CDC: Sexually transmitted diseases have become a severe epidemic
Treating the country's 110 million STDs comes with a price tag of $16.7 billion a year.
Thu, Feb 14, 2013 at 01:35 PM
The night before Valentine’s Day, a day devoted to all things love and romance, the Centers for Disease Control (CDC) announced the rather un-romantic statistic that the U.S. is harboring some 110 million cases of sexually transmitted diseases (STDs or SDIs). That comes out to almost 20 million new infections each year, and the problem appears to be getting worse. The announcement came as a result of two studies that the agency just published.
Human papillomavirus (HPV) takes home first prize for popularity, followed by chlamydia, gonorrhea, syphilis, herpes, hepatitis B, HIV, and trichomoniasis (in no particular order). More than half of the infections occur in the county’s young adult population, affecting those between the ages of 15 and 24.
The lead author of one of two studies says that the nation is facing, "an ongoing, severe, STI epidemic."
STDs offer more than stigma and discomfort, they can be the source of severe and long-term health problems. Not only do STDs increase a person’s risk for HIV infection, they can result in vexing health complications. Untreated chlamydia or gonorrhea, for instance, can put a woman at increased risk of chronic pelvic pain and potentially fatal ectopic pregnancy, as well as increased risk of infertility. HPV accounts for the majority of newly acquired STDs, and while 90 percent of these infections will go away on their own, the tenacious ones can potentially lead to serious diseases such as cervical cancer.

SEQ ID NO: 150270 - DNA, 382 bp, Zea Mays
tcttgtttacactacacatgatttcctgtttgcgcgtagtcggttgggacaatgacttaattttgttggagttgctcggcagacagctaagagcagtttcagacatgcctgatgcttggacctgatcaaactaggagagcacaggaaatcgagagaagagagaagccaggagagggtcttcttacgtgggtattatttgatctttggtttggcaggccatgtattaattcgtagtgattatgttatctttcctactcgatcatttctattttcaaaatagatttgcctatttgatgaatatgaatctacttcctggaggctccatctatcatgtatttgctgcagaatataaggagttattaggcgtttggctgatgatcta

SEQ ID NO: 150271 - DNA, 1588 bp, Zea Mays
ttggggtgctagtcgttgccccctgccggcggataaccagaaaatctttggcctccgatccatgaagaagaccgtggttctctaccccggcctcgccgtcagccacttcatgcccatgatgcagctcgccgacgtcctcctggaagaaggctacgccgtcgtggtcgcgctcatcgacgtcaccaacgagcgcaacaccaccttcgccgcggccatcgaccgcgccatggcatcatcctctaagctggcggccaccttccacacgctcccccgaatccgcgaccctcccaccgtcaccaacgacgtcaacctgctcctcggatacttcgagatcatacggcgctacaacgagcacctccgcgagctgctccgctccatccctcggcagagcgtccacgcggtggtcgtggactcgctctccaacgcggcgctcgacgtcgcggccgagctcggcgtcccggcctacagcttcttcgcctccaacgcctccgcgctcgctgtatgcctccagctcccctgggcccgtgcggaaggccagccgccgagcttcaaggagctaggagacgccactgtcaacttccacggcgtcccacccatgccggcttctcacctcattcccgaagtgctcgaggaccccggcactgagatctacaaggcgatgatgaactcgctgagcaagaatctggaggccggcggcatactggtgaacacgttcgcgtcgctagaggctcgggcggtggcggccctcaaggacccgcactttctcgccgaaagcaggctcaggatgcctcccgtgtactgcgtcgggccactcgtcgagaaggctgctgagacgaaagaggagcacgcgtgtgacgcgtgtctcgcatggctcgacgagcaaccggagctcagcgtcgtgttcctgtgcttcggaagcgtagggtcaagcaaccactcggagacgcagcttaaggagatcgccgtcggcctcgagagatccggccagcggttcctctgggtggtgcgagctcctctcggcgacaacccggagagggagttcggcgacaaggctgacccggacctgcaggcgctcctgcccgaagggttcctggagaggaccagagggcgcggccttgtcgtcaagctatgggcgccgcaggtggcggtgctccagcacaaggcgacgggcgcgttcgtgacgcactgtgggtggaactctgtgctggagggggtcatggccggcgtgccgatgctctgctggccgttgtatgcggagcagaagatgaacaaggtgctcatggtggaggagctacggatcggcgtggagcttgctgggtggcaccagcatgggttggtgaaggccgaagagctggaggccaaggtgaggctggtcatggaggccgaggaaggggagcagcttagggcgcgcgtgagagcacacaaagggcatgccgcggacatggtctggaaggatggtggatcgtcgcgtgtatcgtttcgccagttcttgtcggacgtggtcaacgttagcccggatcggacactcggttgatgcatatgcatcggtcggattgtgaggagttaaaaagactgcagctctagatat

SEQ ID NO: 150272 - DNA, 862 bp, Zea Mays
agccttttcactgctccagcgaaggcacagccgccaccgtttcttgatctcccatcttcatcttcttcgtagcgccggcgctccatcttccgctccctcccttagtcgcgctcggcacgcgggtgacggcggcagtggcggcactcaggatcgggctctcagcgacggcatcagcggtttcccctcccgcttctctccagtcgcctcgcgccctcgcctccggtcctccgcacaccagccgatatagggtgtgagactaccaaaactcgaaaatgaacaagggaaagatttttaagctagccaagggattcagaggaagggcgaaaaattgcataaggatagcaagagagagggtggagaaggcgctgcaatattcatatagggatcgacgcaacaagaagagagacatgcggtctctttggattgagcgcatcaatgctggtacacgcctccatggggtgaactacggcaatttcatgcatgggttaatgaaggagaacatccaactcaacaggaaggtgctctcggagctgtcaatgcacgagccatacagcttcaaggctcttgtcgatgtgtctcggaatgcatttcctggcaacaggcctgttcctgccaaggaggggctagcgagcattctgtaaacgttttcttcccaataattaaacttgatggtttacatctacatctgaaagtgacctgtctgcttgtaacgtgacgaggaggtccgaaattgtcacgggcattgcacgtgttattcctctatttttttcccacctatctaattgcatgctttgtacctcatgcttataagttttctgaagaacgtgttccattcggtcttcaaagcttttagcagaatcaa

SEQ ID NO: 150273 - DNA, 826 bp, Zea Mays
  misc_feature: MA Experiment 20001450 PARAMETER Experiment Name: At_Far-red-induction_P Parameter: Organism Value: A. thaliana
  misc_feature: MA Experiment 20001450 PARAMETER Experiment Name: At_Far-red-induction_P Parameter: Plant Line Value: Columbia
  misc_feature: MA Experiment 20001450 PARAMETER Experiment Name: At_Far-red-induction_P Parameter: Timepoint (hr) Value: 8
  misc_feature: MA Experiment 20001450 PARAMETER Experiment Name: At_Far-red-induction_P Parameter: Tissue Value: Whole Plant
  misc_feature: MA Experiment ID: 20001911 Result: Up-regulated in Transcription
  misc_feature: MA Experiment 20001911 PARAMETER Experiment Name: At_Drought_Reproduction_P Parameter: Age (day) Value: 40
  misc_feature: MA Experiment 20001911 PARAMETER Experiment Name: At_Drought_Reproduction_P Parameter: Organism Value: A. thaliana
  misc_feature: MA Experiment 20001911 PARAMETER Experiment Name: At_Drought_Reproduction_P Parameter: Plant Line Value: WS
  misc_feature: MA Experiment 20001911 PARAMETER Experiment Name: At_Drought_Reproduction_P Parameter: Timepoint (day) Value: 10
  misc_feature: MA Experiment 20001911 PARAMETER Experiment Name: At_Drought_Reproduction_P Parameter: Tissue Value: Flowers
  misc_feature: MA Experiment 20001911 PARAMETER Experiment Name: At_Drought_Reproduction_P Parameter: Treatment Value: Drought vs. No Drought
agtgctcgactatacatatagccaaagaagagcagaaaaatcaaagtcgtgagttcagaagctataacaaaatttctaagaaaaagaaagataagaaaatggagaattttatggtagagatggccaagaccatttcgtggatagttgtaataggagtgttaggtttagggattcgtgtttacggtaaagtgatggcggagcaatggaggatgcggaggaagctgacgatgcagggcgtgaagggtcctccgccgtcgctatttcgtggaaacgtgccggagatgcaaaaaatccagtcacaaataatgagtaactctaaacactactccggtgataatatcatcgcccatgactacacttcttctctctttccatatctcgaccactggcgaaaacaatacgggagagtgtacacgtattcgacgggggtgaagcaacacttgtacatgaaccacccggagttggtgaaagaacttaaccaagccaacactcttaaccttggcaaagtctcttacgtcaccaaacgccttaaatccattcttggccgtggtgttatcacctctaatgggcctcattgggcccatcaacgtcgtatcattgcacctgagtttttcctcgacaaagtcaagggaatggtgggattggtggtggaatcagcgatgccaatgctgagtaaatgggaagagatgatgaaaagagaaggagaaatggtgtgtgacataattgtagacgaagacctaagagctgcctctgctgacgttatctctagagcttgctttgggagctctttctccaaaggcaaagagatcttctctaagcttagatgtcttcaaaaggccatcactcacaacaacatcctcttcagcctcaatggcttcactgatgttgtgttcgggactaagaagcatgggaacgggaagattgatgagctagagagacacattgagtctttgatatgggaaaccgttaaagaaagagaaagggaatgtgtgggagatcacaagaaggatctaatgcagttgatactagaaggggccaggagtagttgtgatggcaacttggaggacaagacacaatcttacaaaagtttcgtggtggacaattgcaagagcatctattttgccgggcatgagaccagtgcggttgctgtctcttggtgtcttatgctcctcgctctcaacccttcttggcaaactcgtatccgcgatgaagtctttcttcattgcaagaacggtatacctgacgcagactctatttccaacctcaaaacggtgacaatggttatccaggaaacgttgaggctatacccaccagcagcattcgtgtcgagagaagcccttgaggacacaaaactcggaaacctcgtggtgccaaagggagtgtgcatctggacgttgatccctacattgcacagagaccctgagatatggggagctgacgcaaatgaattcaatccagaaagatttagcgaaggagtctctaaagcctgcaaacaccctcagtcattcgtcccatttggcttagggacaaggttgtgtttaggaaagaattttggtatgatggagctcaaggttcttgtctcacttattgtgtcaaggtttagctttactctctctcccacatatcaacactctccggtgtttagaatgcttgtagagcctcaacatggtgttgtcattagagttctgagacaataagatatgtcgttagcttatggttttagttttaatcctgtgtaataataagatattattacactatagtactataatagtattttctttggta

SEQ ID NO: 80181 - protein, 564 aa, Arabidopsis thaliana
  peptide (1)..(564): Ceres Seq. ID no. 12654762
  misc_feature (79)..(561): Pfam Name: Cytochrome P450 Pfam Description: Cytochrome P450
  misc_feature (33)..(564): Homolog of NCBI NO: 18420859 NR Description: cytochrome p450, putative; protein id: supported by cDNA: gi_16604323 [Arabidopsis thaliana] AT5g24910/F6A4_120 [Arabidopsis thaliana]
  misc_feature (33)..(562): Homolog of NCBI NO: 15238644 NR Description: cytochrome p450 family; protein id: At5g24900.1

And then there’s the economic impact: The diseases collectively require nearly $17 billion a year to treat.
Four of the infections - chlamydia, gonorrhea, syphilis, and trichomoniasis - respond well to treatment and can be cured if discovered early, yet many of these cases go undetected because they often are not accompanied by any symptoms. The CDC urges all people who are sexually active to get STD screening and prompt treatment if necessary.
All of the STDs with a role in this epidemic are preventable. To protect oneself against STDs, the CDC recommends several options: Abstaining from sex, reducing the number of sexual partners, and consistently and correctly using condoms.
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